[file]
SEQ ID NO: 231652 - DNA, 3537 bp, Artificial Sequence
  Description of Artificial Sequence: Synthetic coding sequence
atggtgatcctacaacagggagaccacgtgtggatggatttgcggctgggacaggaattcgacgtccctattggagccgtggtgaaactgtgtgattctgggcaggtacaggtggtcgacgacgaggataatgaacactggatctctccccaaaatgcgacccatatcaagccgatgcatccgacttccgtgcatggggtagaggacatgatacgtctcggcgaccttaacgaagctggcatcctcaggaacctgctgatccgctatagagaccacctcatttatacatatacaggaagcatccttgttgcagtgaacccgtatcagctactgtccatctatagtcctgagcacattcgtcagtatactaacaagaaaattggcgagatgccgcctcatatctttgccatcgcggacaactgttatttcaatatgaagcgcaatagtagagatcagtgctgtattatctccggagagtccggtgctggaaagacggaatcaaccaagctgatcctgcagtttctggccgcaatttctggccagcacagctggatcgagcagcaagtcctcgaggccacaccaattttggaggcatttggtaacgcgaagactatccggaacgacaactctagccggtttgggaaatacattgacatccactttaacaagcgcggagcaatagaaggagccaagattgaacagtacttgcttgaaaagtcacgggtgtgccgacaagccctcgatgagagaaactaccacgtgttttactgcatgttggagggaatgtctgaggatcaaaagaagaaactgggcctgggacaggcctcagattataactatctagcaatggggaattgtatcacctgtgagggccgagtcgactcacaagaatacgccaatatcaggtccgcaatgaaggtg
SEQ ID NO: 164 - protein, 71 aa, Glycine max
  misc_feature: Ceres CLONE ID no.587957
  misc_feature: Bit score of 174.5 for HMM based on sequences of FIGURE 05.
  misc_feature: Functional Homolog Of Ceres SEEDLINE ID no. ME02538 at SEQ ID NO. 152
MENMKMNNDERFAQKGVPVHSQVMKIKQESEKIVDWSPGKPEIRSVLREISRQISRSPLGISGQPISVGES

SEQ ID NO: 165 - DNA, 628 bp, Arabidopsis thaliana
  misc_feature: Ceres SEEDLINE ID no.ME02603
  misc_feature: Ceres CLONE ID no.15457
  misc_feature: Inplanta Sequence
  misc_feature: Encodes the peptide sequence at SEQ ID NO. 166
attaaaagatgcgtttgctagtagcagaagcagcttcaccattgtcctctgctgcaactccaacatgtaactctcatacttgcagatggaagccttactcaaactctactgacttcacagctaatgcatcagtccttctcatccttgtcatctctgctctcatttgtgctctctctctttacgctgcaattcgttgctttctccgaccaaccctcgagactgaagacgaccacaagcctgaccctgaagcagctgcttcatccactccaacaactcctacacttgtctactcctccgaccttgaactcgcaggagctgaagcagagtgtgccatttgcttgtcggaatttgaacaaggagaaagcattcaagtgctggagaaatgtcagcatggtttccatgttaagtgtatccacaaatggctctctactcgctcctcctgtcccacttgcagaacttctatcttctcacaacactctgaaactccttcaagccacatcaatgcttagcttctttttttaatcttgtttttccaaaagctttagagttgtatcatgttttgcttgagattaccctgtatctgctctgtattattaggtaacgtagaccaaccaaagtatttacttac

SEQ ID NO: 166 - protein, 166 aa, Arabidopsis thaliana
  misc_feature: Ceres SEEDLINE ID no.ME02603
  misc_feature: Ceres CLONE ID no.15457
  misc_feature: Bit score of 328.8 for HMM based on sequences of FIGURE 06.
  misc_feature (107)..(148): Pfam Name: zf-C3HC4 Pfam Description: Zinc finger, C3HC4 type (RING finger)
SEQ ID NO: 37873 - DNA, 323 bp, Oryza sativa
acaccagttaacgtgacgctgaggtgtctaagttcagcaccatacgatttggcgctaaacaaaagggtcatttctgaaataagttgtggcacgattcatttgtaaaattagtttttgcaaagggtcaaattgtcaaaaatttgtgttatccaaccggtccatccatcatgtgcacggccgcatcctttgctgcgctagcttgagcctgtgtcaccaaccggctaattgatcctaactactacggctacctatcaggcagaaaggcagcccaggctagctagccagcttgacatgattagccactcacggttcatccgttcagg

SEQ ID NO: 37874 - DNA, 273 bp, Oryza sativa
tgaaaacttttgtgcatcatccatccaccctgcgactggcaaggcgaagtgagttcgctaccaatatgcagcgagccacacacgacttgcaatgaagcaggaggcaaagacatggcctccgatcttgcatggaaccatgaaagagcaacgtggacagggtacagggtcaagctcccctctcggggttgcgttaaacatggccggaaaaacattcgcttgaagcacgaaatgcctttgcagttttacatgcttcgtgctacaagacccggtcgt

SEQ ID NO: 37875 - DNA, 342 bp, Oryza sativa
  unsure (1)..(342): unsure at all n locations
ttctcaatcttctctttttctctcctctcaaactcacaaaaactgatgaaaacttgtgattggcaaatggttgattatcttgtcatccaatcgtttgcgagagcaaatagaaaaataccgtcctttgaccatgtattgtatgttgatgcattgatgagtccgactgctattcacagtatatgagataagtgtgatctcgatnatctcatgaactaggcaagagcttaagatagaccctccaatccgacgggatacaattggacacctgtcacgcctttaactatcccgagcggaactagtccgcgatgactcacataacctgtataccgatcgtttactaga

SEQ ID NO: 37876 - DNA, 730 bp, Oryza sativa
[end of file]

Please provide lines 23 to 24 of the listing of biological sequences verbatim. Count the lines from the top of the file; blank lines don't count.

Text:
tgaaaacttttgtgcatcatccatccaccctgcgactggcaaggcgaagtgagttcgctaccaatatgcagcgagccacacacgacttgcaatgaagcaggaggcaaagacatggcctccgatcttgcatggaaccatgaaagagcaacgtggacagggtacagggtcaagctcccctctcggggttgcgttaaacatggccggaaaaacattcgcttgaagcacgaaatgcctttgcagttttacatgcttcgtgctacaagacccggtcgt

SEQ ID NO: 37875 - DNA, 342 bp, Oryza sativa